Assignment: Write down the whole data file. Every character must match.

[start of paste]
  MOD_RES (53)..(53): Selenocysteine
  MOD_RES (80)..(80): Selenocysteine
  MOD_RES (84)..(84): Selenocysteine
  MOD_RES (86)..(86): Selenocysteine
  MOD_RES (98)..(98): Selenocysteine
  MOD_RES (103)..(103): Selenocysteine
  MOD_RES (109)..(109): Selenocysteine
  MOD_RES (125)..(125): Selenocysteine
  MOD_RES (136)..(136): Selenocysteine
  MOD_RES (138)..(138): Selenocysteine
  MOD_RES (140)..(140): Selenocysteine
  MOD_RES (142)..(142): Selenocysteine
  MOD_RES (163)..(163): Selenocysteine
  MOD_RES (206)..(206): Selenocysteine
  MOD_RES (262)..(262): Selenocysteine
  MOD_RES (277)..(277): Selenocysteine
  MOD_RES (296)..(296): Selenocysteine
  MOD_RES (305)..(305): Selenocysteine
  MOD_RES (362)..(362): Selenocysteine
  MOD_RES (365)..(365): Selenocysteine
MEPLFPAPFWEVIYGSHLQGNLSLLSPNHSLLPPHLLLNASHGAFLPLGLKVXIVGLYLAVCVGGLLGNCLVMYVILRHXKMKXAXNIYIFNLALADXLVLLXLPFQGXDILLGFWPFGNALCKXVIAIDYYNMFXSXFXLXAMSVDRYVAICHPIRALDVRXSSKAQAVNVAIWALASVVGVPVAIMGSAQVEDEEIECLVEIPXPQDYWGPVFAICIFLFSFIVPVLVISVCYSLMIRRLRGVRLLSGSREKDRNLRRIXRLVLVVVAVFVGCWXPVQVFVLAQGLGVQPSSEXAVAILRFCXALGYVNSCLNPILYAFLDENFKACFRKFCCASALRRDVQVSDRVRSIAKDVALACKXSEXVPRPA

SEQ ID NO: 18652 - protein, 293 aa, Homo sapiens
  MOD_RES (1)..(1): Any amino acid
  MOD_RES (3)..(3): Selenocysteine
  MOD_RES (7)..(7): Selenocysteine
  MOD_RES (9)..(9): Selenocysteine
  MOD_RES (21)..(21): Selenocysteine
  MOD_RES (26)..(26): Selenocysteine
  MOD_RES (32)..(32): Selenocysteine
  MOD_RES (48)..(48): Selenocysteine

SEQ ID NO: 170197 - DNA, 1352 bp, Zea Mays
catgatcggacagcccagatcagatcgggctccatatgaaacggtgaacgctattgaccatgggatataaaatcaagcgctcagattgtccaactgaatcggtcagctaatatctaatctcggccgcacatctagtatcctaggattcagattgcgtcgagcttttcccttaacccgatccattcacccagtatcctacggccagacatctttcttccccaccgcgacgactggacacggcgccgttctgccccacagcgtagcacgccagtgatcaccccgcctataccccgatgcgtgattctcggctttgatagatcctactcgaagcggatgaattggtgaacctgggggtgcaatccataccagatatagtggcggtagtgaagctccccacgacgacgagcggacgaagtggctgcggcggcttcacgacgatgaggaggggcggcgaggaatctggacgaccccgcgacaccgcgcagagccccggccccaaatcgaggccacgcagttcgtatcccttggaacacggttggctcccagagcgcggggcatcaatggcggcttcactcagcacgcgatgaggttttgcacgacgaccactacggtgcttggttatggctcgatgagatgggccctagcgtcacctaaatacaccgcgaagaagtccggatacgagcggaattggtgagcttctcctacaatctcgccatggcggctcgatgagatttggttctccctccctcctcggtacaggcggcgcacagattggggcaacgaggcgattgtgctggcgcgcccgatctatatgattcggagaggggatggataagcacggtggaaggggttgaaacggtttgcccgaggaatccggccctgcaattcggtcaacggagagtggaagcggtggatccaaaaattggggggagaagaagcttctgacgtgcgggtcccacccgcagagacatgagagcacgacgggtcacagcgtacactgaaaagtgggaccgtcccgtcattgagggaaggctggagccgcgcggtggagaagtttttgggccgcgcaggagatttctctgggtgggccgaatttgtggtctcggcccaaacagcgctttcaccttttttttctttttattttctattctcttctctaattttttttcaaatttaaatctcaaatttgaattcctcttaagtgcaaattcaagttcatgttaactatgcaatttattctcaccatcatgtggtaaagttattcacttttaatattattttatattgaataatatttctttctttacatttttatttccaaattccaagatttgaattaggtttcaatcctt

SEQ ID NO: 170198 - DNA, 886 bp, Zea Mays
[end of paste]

  MOD_RES (53)..(53): Selenocysteine
  MOD_RES (80)..(80): Selenocysteine
  MOD_RES (84)..(84): Selenocysteine
  MOD_RES (86)..(86): Selenocysteine
  MOD_RES (98)..(98): Selenocysteine
  MOD_RES (103)..(103): Selenocysteine
  MOD_RES (109)..(109): Selenocysteine
  MOD_RES (125)..(125): Selenocysteine
  MOD_RES (136)..(136): Selenocysteine
  MOD_RES (138)..(138): Selenocysteine
  MOD_RES (140)..(140): Selenocysteine
  MOD_RES (142)..(142): Selenocysteine
  MOD_RES (163)..(163): Selenocysteine
  MOD_RES (206)..(206): Selenocysteine
  MOD_RES (262)..(262): Selenocysteine
  MOD_RES (277)..(277): Selenocysteine
  MOD_RES (296)..(296): Selenocysteine
  MOD_RES (305)..(305): Selenocysteine
  MOD_RES (362)..(362): Selenocysteine
  MOD_RES (365)..(365): Selenocysteine
MEPLFPAPFWEVIYGSHLQGNLSLLSPNHSLLPPHLLLNASHGAFLPLGLKVXIVGLYLAVCVGGLLGNCLVMYVILRHXKMKXAXNIYIFNLALADXLVLLXLPFQGXDILLGFWPFGNALCKXVIAIDYYNMFXSXFXLXAMSVDRYVAICHPIRALDVRXSSKAQAVNVAIWALASVVGVPVAIMGSAQVEDEEIECLVEIPXPQDYWGPVFAICIFLFSFIVPVLVISVCYSLMIRRLRGVRLLSGSREKDRNLRRIXRLVLVVVAVFVGCWXPVQVFVLAQGLGVQPSSEXAVAILRFCXALGYVNSCLNPILYAFLDENFKACFRKFCCASALRRDVQVSDRVRSIAKDVALACKXSEXVPRPA

SEQ ID NO: 18652 - protein, 293 aa, Homo sapiens
  MOD_RES (1)..(1): Any amino acid
  MOD_RES (3)..(3): Selenocysteine
  MOD_RES (7)..(7): Selenocysteine
  MOD_RES (9)..(9): Selenocysteine
  MOD_RES (21)..(21): Selenocysteine
  MOD_RES (26)..(26): Selenocysteine
  MOD_RES (32)..(32): Selenocysteine
  MOD_RES (48)..(48): Selenocysteine

SEQ ID NO: 170197 - DNA, 1352 bp, Zea Mays
catgatcggacagcccagatcagatcgggctccatatgaaacggtgaacgctattgaccatgggatataaaatcaagcgctcagattgtccaactgaatcggtcagctaatatctaatctcggccgcacatctagtatcctaggattcagattgcgtcgagcttttcccttaacccgatccattcacccagtatcctacggccagacatctttcttccccaccgcgacgactggacacggcgccgttctgccccacagcgtagcacgccagtgatcaccccgcctataccccgatgcgtgattctcggctttgatagatcctactcgaagcggatgaattggtgaacctgggggtgcaatccataccagatatagtggcggtagtgaagctccccacgacgacgagcggacgaagtggctgcggcggcttcacgacgatgaggaggggcggcgaggaatctggacgaccccgcgacaccgcgcagagccccggccccaaatcgaggccacgcagttcgtatcccttggaacacggttggctcccagagcgcggggcatcaatggcggcttcactcagcacgcgatgaggttttgcacgacgaccactacggtgcttggttatggctcgatgagatgggccctagcgtcacctaaatacaccgcgaagaagtccggatacgagcggaattggtgagcttctcctacaatctcgccatggcggctcgatgagatttggttctccctccctcctcggtacaggcggcgcacagattggggcaacgaggcgattgtgctggcgcgcccgatctatatgattcggagaggggatggataagcacggtggaaggggttgaaacggtttgcccgaggaatccggccctgcaattcggtcaacggagagtggaagcggtggatccaaaaattggggggagaagaagcttctgacgtgcgggtcccacccgcagagacatgagagcacgacgggtcacagcgtacactgaaaagtgggaccgtcccgtcattgagggaaggctggagccgcgcggtggagaagtttttgggccgcgcaggagatttctctgggtgggccgaatttgtggtctcggcccaaacagcgctttcaccttttttttctttttattttctattctcttctctaattttttttcaaatttaaatctcaaatttgaattcctcttaagtgcaaattcaagttcatgttaactatgcaatttattctcaccatcatgtggtaaagttattcacttttaatattattttatattgaataatatttctttctttacatttttatttccaaattccaagatttgaattaggtttcaatcctt

SEQ ID NO: 170198 - DNA, 886 bp, Zea Mays